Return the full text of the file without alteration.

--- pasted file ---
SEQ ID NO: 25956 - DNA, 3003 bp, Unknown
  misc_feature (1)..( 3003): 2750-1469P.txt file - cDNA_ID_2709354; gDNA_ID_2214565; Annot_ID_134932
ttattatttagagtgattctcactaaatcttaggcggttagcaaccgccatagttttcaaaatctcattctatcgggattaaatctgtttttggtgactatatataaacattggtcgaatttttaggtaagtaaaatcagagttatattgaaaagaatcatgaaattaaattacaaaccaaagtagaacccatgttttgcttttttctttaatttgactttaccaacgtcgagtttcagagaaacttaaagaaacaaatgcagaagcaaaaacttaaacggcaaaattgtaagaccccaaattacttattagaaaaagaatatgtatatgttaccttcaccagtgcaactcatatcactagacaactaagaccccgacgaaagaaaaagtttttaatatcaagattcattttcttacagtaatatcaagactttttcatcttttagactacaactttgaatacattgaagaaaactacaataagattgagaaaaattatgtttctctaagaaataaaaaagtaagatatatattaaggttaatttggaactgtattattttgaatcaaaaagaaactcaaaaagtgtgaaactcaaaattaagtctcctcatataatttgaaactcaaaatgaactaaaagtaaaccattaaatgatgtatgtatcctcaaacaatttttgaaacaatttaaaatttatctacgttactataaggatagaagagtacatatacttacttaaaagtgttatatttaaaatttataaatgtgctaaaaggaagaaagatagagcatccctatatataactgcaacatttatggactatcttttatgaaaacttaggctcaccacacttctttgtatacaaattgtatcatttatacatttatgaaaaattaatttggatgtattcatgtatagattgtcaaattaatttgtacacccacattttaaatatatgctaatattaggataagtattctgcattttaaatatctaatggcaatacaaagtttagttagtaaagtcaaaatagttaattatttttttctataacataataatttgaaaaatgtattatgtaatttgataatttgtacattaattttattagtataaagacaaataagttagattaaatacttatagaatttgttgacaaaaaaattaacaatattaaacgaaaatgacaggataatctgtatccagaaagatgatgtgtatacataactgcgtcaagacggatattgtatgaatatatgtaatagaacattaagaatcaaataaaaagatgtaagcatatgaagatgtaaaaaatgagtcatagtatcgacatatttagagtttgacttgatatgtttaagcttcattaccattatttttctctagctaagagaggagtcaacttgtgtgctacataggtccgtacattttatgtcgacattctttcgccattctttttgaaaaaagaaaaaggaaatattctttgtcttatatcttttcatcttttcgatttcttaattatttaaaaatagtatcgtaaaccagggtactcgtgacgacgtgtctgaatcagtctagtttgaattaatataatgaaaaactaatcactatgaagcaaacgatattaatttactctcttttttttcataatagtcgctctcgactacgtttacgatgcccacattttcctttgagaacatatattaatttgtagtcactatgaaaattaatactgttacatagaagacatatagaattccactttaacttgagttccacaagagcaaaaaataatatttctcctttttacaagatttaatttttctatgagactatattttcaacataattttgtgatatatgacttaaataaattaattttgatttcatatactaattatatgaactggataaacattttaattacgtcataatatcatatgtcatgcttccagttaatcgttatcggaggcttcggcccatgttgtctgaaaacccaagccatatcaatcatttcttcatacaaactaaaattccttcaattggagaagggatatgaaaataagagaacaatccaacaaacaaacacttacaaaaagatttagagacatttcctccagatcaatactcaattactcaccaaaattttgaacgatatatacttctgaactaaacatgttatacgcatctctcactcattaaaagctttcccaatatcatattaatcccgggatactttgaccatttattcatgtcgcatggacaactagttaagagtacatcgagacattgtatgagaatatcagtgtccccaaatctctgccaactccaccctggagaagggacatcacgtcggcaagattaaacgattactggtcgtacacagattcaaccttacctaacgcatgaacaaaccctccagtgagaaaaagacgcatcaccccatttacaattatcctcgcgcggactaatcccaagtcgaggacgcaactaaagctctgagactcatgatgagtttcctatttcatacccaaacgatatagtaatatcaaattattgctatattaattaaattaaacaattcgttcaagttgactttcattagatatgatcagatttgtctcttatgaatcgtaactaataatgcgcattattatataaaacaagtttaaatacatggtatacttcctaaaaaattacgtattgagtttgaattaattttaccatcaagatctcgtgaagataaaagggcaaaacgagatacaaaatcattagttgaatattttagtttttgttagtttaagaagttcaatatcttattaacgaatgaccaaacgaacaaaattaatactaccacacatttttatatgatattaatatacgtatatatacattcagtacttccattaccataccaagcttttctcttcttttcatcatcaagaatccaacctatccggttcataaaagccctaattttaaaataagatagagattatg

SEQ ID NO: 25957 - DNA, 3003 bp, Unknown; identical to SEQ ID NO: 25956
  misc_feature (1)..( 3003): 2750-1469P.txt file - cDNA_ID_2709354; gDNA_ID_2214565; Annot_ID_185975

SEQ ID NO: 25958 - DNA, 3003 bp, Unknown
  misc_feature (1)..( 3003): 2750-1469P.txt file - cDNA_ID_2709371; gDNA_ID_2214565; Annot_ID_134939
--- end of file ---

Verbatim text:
SEQ ID NO: 25956 - DNA, 3003 bp, Unknown
  misc_feature (1)..( 3003): 2750-1469P.txt file - cDNA_ID_2709354; gDNA_ID_2214565; Annot_ID_134932
ttattatttagagtgattctcactaaatcttaggcggttagcaaccgccatagttttcaaaatctcattctatcgggattaaatctgtttttggtgactatatataaacattggtcgaatttttaggtaagtaaaatcagagttatattgaaaagaatcatgaaattaaattacaaaccaaagtagaacccatgttttgcttttttctttaatttgactttaccaacgtcgagtttcagagaaacttaaagaaacaaatgcagaagcaaaaacttaaacggcaaaattgtaagaccccaaattacttattagaaaaagaatatgtatatgttaccttcaccagtgcaactcatatcactagacaactaagaccccgacgaaagaaaaagtttttaatatcaagattcattttcttacagtaatatcaagactttttcatcttttagactacaactttgaatacattgaagaaaactacaataagattgagaaaaattatgtttctctaagaaataaaaaagtaagatatatattaaggttaatttggaactgtattattttgaatcaaaaagaaactcaaaaagtgtgaaactcaaaattaagtctcctcatataatttgaaactcaaaatgaactaaaagtaaaccattaaatgatgtatgtatcctcaaacaatttttgaaacaatttaaaatttatctacgttactataaggatagaagagtacatatacttacttaaaagtgttatatttaaaatttataaatgtgctaaaaggaagaaagatagagcatccctatatataactgcaacatttatggactatcttttatgaaaacttaggctcaccacacttctttgtatacaaattgtatcatttatacatttatgaaaaattaatttggatgtattcatgtatagattgtcaaattaatttgtacacccacattttaaatatatgctaatattaggataagtattctgcattttaaatatctaatggcaatacaaagtttagttagtaaagtcaaaatagttaattatttttttctataacataataatttgaaaaatgtattatgtaatttgataatttgtacattaattttattagtataaagacaaataagttagattaaatacttatagaatttgttgacaaaaaaattaacaatattaaacgaaaatgacaggataatctgtatccagaaagatgatgtgtatacataactgcgtcaagacggatattgtatgaatatatgtaatagaacattaagaatcaaataaaaagatgtaagcatatgaagatgtaaaaaatgagtcatagtatcgacatatttagagtttgacttgatatgtttaagcttcattaccattatttttctctagctaagagaggagtcaacttgtgtgctacataggtccgtacattttatgtcgacattctttcgccattctttttgaaaaaagaaaaaggaaatattctttgtcttatatcttttcatcttttcgatttcttaattatttaaaaatagtatcgtaaaccagggtactcgtgacgacgtgtctgaatcagtctagtttgaattaatataatgaaaaactaatcactatgaagcaaacgatattaatttactctcttttttttcataatagtcgctctcgactacgtttacgatgcccacattttcctttgagaacatatattaatttgtagtcactatgaaaattaatactgttacatagaagacatatagaattccactttaacttgagttccacaagagcaaaaaataatatttctcctttttacaagatttaatttttctatgagactatattttcaacataattttgtgatatatgacttaaataaattaattttgatttcatatactaattatatgaactggataaacattttaattacgtcataatatcatatgtcatgcttccagttaatcgttatcggaggcttcggcccatgttgtctgaaaacccaagccatatcaatcatttcttcatacaaactaaaattccttcaattggagaagggatatgaaaataagagaacaatccaacaaacaaacacttacaaaaagatttagagacatttcctccagatcaatactcaattactcaccaaaattttgaacgatatatacttctgaactaaacatgttatacgcatctctcactcattaaaagctttcccaatatcatattaatcccgggatactttgaccatttattcatgtcgcatggacaactagttaagagtacatcgagacattgtatgagaatatcagtgtccccaaatctctgccaactccaccctggagaagggacatcacgtcggcaagattaaacgattactggtcgtacacagattcaaccttacctaacgcatgaacaaaccctccagtgagaaaaagacgcatcaccccatttacaattatcctcgcgcggactaatcccaagtcgaggacgcaactaaagctctgagactcatgatgagtttcctatttcatacccaaacgatatagtaatatcaaattattgctatattaattaaattaaacaattcgttcaagttgactttcattagatatgatcagatttgtctcttatgaatcgtaactaataatgcgcattattatataaaacaagtttaaatacatggtatacttcctaaaaaattacgtattgagtttgaattaattttaccatcaagatctcgtgaagataaaagggcaaaacgagatacaaaatcattagttgaatattttagtttttgttagtttaagaagttcaatatcttattaacgaatgaccaaacgaacaaaattaatactaccacacatttttatatgatattaatatacgtatatatacattcagtacttccattaccataccaagcttttctcttcttttcatcatcaagaatccaacctatccggttcataaaagccctaattttaaaataagatagagattatg

SEQ ID NO: 25957 - DNA, 3003 bp, Unknown; identical to SEQ ID NO: 25956
  misc_feature (1)..( 3003): 2750-1469P.txt file - cDNA_ID_2709354; gDNA_ID_2214565; Annot_ID_185975

SEQ ID NO: 25958 - DNA, 3003 bp, Unknown
  misc_feature (1)..( 3003): 2750-1469P.txt file - cDNA_ID_2709371; gDNA_ID_2214565; Annot_ID_134939